From the February 2015 Desktop News | The Association of American Geographers awarded Dr. Bobby Wilson the AAG 2015 Lifetime Achievement Award. The award recognized his extraordinary contributions to the scholarship of urban and social geography, urban studies, and anti-racist theory and practice; his teaching and mentoring; and his exemplary leadership in support of geography.
Wilson’s career spans more than four decades. Through his research, he has addressed issues of housing, urban revitalization, economic development and social justice for black communities. His numerous publications offer sophisticated theoretical appraisals of capitalist processes, social engineering and neoliberalism and have led directly to a sharper scholarly perspective on spatial dimensions of the black experience in the urban South.
Wilson’s two major works, America’s Johannesburg: Industrialization and Racial Transformation in Birmingham (2000) and Race and Place in Birmingham: The Civil Rights and Neighborhood Movements (2000) analyze the geography of Birmingham, looking at both the large-scale processes of economic, political and social transformation as well as the on-the-ground social movements that respond to these forces.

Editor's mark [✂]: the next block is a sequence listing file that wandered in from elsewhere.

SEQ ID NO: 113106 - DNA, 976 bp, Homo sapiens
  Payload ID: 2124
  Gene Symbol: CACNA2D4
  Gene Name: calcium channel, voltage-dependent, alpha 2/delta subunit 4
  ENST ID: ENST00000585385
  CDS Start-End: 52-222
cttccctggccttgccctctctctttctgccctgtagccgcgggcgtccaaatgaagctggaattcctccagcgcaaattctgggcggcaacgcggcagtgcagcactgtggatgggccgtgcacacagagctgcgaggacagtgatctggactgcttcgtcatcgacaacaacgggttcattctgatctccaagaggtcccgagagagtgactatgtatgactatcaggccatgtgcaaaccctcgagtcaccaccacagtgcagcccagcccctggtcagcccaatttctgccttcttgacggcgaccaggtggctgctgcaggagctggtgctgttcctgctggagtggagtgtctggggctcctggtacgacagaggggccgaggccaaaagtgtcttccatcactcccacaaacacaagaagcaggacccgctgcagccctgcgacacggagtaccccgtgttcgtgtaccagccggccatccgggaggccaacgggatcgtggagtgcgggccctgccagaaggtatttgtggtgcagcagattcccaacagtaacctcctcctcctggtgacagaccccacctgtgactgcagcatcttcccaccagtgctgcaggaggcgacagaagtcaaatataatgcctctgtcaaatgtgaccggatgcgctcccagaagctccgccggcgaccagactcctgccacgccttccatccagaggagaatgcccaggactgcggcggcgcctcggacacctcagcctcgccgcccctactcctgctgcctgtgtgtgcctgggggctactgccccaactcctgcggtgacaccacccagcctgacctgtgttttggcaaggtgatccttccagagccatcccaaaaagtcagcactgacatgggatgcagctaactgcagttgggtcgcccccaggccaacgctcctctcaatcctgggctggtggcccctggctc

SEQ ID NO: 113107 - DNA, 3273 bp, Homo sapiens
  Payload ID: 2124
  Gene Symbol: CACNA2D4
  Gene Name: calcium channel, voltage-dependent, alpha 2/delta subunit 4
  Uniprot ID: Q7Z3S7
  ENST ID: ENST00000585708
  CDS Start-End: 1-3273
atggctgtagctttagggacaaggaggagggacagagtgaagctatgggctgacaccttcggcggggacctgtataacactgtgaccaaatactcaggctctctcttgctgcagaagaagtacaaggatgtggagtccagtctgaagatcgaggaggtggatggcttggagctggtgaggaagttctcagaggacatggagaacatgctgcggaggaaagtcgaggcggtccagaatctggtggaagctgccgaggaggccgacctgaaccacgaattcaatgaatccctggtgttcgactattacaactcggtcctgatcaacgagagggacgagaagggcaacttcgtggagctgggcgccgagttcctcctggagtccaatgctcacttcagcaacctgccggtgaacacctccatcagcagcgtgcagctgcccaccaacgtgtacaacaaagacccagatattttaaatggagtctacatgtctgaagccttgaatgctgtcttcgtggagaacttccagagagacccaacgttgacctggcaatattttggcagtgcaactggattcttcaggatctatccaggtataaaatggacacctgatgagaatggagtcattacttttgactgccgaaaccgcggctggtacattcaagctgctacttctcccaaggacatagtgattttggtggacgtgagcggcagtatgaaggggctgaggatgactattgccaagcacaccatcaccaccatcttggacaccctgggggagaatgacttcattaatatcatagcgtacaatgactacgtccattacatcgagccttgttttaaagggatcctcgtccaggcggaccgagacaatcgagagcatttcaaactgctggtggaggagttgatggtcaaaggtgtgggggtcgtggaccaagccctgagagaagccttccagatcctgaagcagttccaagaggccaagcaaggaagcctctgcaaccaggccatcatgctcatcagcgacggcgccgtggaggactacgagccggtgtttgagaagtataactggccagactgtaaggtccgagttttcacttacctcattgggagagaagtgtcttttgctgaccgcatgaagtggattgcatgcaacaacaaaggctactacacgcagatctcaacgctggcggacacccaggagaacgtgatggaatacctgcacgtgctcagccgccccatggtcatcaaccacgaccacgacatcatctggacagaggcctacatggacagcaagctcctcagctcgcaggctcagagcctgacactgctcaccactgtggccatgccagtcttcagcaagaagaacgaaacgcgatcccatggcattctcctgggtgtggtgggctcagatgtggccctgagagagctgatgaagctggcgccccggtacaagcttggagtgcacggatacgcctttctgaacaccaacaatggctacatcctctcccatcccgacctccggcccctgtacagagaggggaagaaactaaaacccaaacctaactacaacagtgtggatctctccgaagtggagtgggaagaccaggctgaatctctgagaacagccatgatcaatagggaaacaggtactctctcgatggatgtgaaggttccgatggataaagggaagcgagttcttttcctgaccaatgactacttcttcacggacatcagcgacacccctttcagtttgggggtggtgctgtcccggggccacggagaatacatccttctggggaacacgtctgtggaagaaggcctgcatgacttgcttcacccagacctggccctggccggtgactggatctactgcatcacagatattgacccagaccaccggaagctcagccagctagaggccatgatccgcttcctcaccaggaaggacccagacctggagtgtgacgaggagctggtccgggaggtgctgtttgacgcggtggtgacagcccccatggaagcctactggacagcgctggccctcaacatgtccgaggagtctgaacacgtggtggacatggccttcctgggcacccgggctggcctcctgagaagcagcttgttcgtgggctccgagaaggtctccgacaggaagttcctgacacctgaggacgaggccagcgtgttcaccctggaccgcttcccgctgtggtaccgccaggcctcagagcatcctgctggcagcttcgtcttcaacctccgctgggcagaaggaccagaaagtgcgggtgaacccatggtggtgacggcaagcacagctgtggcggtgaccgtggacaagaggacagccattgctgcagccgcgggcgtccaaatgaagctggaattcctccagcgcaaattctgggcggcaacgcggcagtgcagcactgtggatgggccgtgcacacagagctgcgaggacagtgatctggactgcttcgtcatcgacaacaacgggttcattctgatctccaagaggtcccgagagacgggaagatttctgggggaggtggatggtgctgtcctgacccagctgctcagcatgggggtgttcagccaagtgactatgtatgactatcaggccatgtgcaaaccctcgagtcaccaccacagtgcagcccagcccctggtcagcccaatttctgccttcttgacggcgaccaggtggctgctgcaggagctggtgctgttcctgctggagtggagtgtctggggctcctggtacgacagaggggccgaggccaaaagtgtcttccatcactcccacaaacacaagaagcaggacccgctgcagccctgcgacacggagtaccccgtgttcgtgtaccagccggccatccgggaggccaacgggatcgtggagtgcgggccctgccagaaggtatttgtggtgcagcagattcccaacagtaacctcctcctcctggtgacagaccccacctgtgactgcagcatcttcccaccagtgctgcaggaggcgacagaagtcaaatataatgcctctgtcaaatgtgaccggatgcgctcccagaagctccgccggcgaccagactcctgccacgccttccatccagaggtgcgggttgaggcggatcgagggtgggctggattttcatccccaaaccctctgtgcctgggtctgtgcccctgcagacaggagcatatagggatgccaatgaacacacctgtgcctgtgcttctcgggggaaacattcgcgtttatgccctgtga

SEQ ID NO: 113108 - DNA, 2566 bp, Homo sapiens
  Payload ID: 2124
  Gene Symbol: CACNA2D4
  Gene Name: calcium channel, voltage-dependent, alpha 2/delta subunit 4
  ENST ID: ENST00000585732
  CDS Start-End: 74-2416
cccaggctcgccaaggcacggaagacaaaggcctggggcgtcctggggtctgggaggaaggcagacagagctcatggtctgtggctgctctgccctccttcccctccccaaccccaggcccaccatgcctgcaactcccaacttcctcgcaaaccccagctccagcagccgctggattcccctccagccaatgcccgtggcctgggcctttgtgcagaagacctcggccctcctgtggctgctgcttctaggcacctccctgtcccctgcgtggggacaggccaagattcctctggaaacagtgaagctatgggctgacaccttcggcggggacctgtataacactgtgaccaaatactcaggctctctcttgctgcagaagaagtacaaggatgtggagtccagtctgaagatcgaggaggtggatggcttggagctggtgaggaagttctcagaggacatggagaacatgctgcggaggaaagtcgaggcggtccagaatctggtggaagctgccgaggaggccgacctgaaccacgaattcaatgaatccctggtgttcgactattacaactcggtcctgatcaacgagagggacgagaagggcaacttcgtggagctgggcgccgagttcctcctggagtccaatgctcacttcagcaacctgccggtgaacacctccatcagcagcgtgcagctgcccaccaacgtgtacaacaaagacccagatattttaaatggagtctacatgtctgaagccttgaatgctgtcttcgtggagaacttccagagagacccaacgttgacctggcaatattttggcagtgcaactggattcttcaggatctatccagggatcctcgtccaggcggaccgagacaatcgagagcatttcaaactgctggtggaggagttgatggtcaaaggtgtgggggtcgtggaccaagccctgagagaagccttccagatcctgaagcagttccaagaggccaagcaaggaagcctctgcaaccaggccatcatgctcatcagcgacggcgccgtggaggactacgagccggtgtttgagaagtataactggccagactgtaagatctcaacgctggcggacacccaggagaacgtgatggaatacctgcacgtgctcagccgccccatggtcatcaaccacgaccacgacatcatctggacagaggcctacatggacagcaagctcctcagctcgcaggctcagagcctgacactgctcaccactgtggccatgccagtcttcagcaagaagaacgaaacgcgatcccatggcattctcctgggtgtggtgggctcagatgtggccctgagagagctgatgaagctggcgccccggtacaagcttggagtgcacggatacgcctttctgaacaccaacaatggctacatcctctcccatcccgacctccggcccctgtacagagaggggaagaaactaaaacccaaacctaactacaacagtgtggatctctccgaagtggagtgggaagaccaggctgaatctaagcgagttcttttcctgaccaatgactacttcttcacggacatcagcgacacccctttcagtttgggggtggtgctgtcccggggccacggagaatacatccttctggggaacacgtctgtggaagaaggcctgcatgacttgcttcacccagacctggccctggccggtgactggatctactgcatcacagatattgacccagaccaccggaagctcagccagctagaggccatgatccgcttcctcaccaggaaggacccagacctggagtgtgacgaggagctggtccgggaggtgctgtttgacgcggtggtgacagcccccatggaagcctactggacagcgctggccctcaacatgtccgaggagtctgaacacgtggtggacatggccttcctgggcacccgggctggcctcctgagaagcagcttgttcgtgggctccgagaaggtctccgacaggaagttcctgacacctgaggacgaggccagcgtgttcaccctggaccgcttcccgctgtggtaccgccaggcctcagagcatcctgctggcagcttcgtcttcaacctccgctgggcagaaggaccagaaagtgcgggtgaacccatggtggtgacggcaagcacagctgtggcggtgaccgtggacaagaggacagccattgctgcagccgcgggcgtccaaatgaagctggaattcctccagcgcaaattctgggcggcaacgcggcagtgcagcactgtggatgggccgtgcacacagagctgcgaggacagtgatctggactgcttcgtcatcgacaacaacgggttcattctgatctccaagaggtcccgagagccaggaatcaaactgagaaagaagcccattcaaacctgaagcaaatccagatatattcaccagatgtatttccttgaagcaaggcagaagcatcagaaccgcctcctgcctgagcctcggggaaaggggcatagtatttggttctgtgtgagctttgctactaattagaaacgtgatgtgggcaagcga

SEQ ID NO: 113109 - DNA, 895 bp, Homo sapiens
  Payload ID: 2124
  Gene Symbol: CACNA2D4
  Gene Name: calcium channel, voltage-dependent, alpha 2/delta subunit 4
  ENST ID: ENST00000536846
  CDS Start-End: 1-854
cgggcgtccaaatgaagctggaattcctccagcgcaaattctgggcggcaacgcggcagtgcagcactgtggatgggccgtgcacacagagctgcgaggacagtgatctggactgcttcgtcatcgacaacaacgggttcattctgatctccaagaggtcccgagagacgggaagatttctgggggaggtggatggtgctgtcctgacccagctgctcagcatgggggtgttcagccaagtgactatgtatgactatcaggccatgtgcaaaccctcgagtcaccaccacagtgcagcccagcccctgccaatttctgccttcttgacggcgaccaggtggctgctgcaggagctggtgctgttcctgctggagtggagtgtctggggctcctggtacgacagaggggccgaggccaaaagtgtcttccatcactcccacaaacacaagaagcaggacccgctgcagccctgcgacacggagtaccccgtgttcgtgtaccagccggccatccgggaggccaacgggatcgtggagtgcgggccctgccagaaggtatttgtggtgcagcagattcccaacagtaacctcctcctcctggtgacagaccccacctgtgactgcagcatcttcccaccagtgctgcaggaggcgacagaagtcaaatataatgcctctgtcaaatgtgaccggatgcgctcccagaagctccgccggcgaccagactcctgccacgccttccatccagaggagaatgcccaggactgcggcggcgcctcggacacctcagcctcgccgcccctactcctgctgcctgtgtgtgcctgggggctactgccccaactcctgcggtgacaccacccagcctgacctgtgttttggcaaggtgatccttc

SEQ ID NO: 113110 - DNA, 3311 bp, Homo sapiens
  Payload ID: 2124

At the regional and national levels, Wilson has been a leader in helping to address questions of racism and access within the institutional framework of the discipline. In the mid-1980s, he was a member of the AAG’s Commission on Afro-American Geography, the first such group to address racism and anti-racism with geography. He played a similar leadership role within the southeastern division of the AAG. He has also had a constant presence at the local level where his commitment to anti-racist scholarship has played out in contributions to his own community by working as a board member for many local agencies devoted to community wellbeing and serving in a large number of community-based research projects.
The award will be presented to Wilson at the Annual Meeting of the AAG in Chicago on Saturday, April 25.